You've become an outspoken advocate for intellectual freedom. 

It feels much better speaking out. Finding the NCAC (National Coalition Against Censorship) was a life-changing event. I realized I wasn't alone, which is funny, because that's what my readers often say to me.

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CRITICAL THINKING QUESTION
Why might a writer prefer to write for particular age group?
Write your answers in the comments section below


COMMENTS (38)
  • andrewt1-pav
    9/16/2016 - 10:43 a.m.

    I think that she has every right to wright what she wants because if you ban a book for twelve year olds then you are saying it is good for teens and adults. So, really she shouldn't be criticized for writing the books she writes.

  • zbrow-wim
    9/16/2016 - 01:10 p.m.

    A writer might prefer to write for a particular age group because of how they want readers to perceive the story. Judy Blume said "I like the 12-and-under set." Judy Blume likes to share embarrassing and life events that have happened throughout her life. She likes to give advice to young readers that are going through some stuff and don't have anyone to talk to about it. I feel Judy's advice is more directed towards girls. Judy wants to feel like the adult, helping other children by giving them advice. That is how she wants the readers to think of her when someone mentions her name.

  • jacobs-rhi
    9/28/2016 - 08:44 a.m.

    So that the people he writes for will like it. I like fried chicken. Chicken is good. Somebody should write a book about fried chicken.That's a hard question; there are so many good books. Looking up at my bookshelves, I see Doris Lessing's "Martha Quest," a book that has stayed with me since I first read it. It took me to another time and place; it made me think, question. It led me to seek out and read other books.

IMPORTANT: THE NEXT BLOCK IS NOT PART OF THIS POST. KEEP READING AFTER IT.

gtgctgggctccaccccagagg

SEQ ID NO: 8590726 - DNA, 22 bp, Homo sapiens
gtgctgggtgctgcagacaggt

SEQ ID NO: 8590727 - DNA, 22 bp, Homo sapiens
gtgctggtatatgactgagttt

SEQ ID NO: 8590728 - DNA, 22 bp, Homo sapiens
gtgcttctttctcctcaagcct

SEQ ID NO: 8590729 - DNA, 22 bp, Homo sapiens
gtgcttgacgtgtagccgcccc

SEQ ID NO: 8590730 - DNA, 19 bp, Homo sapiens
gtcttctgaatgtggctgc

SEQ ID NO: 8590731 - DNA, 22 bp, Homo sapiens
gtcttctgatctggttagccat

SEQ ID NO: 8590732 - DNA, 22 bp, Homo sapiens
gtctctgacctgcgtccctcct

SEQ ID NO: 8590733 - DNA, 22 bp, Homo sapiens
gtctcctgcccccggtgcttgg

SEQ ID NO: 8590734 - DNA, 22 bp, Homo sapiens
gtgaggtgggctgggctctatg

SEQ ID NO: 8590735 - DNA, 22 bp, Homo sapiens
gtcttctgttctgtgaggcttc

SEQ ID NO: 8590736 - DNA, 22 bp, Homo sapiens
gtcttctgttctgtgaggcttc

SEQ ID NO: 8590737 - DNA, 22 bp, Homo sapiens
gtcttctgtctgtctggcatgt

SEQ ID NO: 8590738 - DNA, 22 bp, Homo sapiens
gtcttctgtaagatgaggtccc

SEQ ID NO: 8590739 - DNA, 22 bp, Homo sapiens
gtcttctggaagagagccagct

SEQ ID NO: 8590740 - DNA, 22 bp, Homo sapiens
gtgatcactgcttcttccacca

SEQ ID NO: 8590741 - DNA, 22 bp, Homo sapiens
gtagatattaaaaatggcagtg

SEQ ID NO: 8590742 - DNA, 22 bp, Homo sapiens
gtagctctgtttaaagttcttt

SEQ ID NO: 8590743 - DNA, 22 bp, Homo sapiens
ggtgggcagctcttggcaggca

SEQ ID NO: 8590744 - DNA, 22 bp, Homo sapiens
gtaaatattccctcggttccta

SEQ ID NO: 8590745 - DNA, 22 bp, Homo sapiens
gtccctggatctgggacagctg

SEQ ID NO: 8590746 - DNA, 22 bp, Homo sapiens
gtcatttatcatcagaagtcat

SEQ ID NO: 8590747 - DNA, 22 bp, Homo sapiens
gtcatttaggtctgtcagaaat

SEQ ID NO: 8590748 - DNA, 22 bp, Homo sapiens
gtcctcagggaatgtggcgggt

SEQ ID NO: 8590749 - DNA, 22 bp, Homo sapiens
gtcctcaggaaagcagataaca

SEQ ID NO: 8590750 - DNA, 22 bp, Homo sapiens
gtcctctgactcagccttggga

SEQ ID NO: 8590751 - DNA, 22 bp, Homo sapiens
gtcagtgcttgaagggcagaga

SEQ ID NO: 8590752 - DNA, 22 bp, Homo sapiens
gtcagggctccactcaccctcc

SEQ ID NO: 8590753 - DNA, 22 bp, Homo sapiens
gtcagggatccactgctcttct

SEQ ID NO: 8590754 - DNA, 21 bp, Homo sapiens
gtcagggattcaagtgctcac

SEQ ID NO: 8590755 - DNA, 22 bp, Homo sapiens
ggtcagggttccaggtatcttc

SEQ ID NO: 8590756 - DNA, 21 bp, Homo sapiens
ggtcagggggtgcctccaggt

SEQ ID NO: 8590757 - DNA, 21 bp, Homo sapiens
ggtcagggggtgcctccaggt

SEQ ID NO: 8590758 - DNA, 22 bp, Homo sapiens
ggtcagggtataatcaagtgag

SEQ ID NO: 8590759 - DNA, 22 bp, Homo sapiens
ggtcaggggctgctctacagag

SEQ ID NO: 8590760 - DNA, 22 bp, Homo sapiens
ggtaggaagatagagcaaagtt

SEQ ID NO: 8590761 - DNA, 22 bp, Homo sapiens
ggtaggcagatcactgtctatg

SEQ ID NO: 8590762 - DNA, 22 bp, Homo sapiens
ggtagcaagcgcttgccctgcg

• dawsonb-rhi
    9/28/2016 - 08:48 a.m.

    I'm phobic about thunderstorms (and) writing is incredibly hard for me. I'm not the world's best mother, though kids always assume I must be. And I love a good cupcake. (I know, that makes four things, but I'm hungry and wishing I had that cupcake.)

  • bend-rhi
    9/28/2016 - 08:56 a.m.

    It is easier. They know what they are doing. It is fun.

  • austinh-rhi
    9/28/2016 - 08:58 a.m.

    So,other people won't criticize her.Because that's what she wants to do.Because she like to write books for a particular age group.

  • blakew-rhi
    9/29/2016 - 09:13 a.m.

    She should have the right to write what ever she wants. That is the right thing to do. She shouldn't be criticized

  • alexb-rhi
    9/29/2016 - 09:25 a.m.

    I think its because she remembers a ton of stuff from when she was that age so she wants to tell other people her story. She might want to tell other people so they don't make the same mistake as her. It could be easier for them to write about that.

  • hannahg-rhi
    9/29/2016 - 09:25 a.m.

    It is what she wants to do with her life. She shouldn't be criticize for doing what you want.Like in athletics, athletes get criticized a lot but you can't let that get you down or stop you.

  • christiand-pol
    10/11/2016 - 08:39 a.m.


    Judy blume prefers writing for younger kids, But every author has a preference .
    A writer might prefer to write for a particular age group because it is in there interests. Changing your group is hard because that would also involve words that would be common and uncommon for the Age group.